Being effective with money isn’t a fixed or inborn trait. It’s a set of skills that you can acquire, build up, and improve on. Anyone can learn them. You can learn them. When we talk about being effective with money, we’re talking about seven key areas of capacity. These capacities represent all the ways of interacting with money that everyone should get used to recognizing and navigating. They are: understand, decide, earn, have, spend, lose, grow. All together, they comprise your financial fluency.
the world of money is continuously evolving, and that’s what makes the capacity to understand so vital. It’s not about memorizing the rules and regulations of what’s out there right now; it’s about having the skills and confidence to investigate, to learn, and not to assume things will always be as they are now. When you understand money, you can examine the pros and cons and make a decision for yourself. Maybe that new get-paid-sooner debit card sounds like a great idea. But maybe the deposits aren’t FDIC-insured. Understanding what that actually means—namely, if the company folds, you aren’t guaranteed to get your money back—could be a big factor in whether you sign up or not.
Specific examples aside, all you need to understand is that these things can—and will—change throughout your life. It’s important to find a comfortable balance in your understanding, too. You want to continue to be well informed, but you aren’t going down rabbit holes on everything finance related (unless that’s your jam). You can make choices as new products and options emerge. Learn their ins and outs, or become just familiar enough with them to make the decision about whether you want to participate. This way, you’re neither confused nor locked into old strategies that might become obsolete over time.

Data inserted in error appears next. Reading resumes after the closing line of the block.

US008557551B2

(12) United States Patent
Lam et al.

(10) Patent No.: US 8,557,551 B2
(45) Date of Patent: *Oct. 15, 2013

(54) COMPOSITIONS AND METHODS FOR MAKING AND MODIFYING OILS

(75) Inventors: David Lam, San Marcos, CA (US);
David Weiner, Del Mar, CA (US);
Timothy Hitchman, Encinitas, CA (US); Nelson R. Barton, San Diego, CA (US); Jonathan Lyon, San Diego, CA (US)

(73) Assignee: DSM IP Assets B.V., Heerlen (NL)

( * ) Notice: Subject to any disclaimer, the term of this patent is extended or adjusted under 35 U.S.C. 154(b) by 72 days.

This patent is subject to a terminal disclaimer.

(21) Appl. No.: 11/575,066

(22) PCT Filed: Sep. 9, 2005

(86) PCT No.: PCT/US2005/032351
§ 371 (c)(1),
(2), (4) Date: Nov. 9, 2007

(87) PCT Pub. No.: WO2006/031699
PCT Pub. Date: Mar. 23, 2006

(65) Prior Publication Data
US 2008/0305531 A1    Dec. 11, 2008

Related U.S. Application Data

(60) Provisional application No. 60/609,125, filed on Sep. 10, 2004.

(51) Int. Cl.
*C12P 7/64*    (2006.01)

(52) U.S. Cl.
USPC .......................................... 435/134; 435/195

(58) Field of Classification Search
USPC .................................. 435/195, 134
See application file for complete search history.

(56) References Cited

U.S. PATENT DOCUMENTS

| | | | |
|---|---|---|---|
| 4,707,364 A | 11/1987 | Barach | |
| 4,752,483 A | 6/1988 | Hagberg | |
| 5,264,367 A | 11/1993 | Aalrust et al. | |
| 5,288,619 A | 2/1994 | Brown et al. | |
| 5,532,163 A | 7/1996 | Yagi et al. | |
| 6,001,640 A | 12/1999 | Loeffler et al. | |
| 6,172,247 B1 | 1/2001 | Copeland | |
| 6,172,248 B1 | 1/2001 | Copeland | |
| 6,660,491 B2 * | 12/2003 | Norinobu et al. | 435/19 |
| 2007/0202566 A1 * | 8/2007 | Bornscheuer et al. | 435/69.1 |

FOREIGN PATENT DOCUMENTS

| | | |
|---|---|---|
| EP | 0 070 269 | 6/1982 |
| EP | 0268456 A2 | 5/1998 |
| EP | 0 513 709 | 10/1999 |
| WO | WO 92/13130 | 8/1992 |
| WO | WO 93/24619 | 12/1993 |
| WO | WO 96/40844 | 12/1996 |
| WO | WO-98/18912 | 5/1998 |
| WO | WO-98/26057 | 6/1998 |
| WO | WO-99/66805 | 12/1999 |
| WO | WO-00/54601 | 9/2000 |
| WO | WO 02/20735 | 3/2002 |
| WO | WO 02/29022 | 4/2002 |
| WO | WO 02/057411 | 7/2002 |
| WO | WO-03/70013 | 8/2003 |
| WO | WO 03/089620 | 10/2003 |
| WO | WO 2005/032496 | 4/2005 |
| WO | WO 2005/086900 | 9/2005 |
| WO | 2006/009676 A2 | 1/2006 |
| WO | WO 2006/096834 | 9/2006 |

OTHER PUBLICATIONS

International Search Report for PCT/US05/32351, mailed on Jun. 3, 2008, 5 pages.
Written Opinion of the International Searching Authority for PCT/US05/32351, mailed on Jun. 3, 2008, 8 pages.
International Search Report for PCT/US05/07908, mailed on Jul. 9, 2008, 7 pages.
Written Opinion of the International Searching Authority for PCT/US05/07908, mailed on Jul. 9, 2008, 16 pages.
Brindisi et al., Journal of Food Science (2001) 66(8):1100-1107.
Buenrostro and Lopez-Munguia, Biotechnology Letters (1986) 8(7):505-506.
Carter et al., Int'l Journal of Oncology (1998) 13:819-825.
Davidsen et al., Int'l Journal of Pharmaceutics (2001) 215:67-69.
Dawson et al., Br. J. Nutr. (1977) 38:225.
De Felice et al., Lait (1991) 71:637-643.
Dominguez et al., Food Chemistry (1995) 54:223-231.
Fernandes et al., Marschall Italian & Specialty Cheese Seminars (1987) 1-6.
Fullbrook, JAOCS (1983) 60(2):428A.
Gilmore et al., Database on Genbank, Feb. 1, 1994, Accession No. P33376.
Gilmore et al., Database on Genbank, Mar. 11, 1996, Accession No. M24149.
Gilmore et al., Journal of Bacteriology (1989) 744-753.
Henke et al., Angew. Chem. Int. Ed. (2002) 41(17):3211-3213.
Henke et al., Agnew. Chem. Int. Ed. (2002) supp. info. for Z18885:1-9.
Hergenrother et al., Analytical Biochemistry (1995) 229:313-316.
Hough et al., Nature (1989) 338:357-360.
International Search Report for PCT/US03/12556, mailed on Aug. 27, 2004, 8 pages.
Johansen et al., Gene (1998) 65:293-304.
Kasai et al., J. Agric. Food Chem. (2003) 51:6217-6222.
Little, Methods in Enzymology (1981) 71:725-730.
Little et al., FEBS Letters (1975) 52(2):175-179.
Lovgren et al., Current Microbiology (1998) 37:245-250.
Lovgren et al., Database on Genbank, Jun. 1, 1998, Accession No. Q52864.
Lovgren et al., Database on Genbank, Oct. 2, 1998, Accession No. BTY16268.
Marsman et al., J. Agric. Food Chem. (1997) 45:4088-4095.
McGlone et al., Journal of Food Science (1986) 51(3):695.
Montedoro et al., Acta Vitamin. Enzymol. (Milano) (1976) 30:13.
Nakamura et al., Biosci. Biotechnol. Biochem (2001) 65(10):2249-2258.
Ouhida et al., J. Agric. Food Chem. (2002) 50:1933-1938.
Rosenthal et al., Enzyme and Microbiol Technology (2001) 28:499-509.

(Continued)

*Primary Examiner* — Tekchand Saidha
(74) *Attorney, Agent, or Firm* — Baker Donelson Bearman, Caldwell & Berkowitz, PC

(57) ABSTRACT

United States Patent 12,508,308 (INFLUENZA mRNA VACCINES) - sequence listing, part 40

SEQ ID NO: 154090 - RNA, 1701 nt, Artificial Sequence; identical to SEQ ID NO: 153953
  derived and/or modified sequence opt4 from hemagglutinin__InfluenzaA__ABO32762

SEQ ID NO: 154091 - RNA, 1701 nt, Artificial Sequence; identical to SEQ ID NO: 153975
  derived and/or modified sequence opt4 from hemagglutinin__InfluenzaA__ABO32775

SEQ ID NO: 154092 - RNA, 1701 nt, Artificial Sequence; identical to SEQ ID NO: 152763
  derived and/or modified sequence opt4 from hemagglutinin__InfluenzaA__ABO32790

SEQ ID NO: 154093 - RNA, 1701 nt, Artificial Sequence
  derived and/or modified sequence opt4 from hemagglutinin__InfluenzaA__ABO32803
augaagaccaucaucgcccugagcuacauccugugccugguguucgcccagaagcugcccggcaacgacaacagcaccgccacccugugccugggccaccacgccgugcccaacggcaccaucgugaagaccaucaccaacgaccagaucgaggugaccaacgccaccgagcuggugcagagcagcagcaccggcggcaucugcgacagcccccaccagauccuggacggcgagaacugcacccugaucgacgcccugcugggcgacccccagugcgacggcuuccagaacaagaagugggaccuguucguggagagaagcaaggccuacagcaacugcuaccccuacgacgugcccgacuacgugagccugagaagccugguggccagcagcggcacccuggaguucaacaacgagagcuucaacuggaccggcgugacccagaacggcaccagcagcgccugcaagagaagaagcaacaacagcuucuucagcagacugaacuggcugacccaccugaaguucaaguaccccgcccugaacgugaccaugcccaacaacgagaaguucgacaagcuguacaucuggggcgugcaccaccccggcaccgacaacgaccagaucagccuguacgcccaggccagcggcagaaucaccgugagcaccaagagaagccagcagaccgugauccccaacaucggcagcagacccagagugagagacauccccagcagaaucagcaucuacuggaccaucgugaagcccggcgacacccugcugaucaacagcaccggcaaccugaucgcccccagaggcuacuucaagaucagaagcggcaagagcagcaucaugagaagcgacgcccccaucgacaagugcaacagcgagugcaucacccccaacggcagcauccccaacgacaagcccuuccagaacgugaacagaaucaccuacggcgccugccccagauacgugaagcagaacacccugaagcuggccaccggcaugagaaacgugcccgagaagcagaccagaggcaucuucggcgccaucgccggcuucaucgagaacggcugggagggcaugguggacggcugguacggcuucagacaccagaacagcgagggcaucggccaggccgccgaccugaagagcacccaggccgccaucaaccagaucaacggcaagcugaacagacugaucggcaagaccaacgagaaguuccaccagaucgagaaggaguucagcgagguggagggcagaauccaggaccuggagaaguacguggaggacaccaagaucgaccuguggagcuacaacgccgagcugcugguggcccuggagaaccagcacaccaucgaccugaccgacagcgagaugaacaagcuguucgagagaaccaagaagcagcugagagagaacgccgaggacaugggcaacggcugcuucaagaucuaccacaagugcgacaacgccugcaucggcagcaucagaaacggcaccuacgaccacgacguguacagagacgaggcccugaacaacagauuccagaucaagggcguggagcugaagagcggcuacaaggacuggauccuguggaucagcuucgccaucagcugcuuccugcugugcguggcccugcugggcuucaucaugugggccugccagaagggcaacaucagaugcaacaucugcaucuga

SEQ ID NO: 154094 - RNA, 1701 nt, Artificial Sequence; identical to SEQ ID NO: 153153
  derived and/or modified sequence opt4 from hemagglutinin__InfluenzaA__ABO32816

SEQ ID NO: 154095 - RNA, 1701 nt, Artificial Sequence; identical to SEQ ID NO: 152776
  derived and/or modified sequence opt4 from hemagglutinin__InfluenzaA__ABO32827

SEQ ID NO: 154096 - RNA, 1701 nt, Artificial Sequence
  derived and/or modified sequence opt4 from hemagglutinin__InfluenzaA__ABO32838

Developing your capacity to decide is all about uncovering what you want and all the ways you could get there, and choosing the path that feels most appealing. It may be appealing because it’s the fastest. It may be appealing because it’s the most efficient, or requires the least sacrifices, or just feel the most fun. No matter what, you want to pick your path thoughtfully, rather than hastily. When you’re comfortable in your capacity to decide, you understand that you don’t have to wait for life to happen to you. You can plan your finances in advance and figure out how much money you will need for each fork in the road, and you are open to possibilities instead of pre-rejecting any potential option.
Earning more keeps your options open. It allows you to practice possibilities and put your values first. When your capacity to earn expands, so do the choices in your life, both short- and long-term. If you forget your lunch at home one day, you don’t have to go hungry in the name of saving. You can buy a sandwich because earning more has given you a cushion in your budget. If you want to spend your retirement traveling, you don’t have to choose your destinations based on which is cheapest. You can go to the places that will bring you the most joy, because earning more expanded your travel budget. Of course, you can still live a minimalist, no-frills lifestyle if you want to. Maybe you have no desire to own a home and you love the freedom of renting, but you want to be able to buy ethically and sustainably sourced products that tend to cost more because those companies compensate their workers fairly at every level. You can strengthen your capacity to earn no matter how you choose to live. The point is that you get to choose. If minimalism stops feeling right for you, you have the power to try new things, upgrade parts of your life, or shift your priorities around to reflect your deepest values.